Bonds Will Grow Science Education
Many Critical Needs
The Connect NC bonds proposal includes $2 billion for UNC system campuses, community colleges, public safety, water and sewer grants, state parks and agriculture. North Carolina has grown by 2 million people since the last bond campaign in 2000. The state’s infrastructure, including educational facilities, is not keeping up with this growth. The bonds would provide $980 million for facilities on UNC system campuses and $350 million for community colleges – $134 million in the Charlotte region.
The need for new and refurbished buildings on UNC system campuses reflects the demand for science education to help drive a globally competitive, growing North Carolina. Companies such as Duke Energy and AREVA in the energy sector, Siemens and Sealed Air in advanced manufacturing, Carolinas HealthCare System and Novant in health care – and many others – are seeking graduates educated in science, technology, engineering and math (STEM) disciplines.
- No new taxes required to pay for the debt service.
- Maintains North Carolina’s AAA bond rating.
- Debt service will be $1.1 billion lower in 2020 than it is today.
- Proportion of N.C. General Fund required for debt service will decline.
- Historically low interest rates.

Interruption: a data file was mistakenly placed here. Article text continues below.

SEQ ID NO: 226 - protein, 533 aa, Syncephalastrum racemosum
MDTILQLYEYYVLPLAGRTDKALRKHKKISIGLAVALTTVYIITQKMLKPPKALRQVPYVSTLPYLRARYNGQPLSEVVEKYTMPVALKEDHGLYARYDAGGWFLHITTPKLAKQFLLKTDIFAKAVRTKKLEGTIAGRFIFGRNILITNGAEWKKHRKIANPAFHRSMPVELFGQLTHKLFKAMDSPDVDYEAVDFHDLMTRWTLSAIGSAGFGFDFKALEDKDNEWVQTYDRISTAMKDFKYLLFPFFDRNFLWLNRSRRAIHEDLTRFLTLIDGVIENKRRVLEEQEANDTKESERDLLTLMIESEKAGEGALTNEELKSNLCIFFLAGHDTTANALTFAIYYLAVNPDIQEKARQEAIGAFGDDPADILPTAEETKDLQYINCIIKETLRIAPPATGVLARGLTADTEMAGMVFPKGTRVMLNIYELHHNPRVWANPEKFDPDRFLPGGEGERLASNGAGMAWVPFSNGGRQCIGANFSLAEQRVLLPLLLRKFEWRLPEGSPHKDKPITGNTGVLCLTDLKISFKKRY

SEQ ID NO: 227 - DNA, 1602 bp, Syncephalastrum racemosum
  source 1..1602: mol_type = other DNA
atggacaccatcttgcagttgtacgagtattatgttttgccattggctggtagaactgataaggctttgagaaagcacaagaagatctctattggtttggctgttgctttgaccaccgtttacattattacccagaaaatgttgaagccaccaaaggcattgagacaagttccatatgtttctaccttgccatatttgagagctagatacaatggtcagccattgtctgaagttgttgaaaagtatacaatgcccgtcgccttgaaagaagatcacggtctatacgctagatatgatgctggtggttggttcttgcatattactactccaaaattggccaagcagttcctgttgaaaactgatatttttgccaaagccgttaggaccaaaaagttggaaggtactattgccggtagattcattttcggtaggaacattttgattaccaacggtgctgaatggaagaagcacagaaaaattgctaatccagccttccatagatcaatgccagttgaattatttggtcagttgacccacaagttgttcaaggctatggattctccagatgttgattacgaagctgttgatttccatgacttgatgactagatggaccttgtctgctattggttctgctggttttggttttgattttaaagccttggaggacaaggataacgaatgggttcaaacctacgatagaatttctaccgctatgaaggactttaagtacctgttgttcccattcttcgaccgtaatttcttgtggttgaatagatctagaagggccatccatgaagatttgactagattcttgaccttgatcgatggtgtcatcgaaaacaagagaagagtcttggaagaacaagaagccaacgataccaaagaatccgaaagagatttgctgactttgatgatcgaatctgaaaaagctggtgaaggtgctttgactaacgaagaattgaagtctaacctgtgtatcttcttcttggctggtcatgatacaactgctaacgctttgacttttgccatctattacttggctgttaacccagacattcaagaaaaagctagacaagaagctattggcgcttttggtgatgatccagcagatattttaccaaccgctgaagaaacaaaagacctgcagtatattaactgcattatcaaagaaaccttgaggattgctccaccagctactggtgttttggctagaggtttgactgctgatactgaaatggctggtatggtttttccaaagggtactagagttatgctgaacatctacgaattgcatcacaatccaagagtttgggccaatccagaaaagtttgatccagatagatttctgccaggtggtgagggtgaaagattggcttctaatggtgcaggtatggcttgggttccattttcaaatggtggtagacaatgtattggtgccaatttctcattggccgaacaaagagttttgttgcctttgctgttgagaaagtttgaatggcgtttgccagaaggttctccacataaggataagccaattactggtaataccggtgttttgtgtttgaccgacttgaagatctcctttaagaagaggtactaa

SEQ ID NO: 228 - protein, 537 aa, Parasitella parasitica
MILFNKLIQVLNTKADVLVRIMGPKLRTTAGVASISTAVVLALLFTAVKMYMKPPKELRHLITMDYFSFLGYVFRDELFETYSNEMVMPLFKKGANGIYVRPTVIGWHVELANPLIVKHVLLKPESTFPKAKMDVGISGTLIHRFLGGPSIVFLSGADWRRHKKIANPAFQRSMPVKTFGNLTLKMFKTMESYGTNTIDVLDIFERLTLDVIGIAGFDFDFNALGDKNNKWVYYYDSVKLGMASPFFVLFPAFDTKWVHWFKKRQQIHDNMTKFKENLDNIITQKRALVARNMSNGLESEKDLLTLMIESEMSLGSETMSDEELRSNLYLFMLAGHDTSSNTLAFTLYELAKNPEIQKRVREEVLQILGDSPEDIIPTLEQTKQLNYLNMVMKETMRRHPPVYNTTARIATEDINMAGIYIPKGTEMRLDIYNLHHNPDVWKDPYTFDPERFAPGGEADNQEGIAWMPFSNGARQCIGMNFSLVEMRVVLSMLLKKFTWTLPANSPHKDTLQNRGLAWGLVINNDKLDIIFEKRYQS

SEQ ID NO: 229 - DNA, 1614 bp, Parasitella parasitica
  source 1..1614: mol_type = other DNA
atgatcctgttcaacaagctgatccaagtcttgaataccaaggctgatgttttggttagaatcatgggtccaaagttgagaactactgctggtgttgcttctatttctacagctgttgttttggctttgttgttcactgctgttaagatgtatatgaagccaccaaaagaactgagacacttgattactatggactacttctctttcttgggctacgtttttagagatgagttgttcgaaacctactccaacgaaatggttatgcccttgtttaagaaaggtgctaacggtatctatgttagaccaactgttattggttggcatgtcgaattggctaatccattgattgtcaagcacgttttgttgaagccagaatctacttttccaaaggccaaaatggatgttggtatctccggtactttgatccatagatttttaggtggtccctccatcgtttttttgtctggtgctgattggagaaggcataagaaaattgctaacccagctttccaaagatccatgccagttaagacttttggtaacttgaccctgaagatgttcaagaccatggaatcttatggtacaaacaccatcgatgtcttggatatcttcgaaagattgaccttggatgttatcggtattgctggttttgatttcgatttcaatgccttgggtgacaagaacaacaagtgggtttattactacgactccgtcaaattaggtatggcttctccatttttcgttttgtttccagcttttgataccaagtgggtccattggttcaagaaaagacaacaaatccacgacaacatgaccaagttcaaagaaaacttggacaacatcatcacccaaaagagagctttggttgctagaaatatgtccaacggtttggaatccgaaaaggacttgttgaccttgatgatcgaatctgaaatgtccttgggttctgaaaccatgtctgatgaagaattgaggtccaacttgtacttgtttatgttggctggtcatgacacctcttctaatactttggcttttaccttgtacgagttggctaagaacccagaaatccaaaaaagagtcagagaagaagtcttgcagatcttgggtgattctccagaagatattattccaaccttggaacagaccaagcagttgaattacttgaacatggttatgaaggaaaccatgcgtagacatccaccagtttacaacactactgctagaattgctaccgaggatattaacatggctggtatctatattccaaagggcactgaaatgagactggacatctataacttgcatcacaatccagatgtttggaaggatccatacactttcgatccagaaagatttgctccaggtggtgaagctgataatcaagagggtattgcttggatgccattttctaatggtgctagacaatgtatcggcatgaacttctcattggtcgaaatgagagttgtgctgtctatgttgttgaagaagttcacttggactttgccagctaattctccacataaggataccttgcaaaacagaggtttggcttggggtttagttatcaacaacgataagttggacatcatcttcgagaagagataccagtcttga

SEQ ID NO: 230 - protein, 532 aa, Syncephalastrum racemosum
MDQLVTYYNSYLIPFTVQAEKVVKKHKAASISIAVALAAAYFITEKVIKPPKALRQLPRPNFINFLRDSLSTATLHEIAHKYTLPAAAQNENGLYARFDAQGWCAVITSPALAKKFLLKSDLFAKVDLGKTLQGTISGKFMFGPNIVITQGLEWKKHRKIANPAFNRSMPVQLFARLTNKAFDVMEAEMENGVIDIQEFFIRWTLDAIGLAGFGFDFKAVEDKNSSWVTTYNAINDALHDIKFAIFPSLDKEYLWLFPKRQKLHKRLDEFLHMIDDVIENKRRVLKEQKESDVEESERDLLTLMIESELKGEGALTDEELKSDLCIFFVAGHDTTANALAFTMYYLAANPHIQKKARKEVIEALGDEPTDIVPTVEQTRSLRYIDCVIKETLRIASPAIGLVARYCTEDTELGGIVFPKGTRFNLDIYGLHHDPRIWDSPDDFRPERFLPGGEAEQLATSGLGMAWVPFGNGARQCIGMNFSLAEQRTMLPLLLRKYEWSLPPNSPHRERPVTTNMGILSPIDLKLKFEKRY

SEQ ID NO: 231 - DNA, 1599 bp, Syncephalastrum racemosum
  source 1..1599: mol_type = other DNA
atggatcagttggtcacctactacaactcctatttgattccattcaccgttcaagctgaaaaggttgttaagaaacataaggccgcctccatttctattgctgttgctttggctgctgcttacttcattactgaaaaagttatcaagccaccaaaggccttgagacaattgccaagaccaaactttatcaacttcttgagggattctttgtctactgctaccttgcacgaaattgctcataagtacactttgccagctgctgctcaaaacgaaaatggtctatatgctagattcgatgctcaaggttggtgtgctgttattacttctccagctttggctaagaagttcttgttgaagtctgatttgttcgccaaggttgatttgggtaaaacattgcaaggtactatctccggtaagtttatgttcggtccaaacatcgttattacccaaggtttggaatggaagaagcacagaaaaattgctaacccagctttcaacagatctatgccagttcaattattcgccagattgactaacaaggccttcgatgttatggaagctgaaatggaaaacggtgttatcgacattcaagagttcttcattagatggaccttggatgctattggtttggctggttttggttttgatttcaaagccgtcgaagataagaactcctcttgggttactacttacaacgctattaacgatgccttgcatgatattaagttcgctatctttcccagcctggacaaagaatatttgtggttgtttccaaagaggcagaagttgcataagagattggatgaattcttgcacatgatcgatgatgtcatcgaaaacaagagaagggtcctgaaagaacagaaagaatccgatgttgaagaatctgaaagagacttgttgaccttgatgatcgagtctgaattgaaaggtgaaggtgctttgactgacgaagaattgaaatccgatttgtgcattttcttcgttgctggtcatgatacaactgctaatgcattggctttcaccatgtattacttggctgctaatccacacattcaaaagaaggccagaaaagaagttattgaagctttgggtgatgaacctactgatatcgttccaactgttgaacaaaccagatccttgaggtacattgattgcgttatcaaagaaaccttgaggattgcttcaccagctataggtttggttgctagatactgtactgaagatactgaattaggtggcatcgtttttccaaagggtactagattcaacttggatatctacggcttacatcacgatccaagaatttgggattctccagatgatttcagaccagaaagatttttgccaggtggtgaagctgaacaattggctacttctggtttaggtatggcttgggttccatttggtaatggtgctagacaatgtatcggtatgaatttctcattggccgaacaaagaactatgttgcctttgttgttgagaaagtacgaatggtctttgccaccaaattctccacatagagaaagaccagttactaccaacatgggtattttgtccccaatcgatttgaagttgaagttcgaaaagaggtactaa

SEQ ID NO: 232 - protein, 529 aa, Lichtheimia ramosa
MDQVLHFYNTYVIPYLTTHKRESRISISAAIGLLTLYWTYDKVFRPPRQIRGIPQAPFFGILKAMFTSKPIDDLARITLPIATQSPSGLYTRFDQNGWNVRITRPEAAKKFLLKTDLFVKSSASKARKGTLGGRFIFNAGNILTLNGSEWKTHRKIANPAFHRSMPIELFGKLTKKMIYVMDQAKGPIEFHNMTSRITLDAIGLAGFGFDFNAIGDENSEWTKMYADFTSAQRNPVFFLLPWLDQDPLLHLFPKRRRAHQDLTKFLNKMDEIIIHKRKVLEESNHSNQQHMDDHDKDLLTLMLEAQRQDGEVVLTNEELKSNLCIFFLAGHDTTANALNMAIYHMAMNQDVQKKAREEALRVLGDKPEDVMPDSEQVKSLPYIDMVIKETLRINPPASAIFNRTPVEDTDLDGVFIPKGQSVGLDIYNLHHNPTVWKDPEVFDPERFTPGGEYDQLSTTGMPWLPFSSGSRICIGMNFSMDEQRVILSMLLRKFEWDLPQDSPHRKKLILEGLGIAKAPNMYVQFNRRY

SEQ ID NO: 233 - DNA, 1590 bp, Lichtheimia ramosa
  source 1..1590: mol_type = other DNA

$90 Million for Science at UNC Charlotte
- This is a critical moment – UNC Charlotte has outgrown the science building. Demand for science instruction at UNC Charlotte is directly related to enrollment growth.
- Enrollment has grown by 142% since the current science building was built in 1985.
- UNC Charlotte accounts for 61% of the recent growth in the entire UNC system.
- A new science facility is crucial to ensuring continued growth and to meet strong demand. The bonds will provide $90 million for a new science facility.
- This is a matter of quality and quantity. Overcrowded, outdated science labs present a choke point in meeting demand for science graduates desired by employers.
- Increasing numbers of UNC Charlotte students are seeking degrees in STEM fields including hundreds of transfers from community colleges.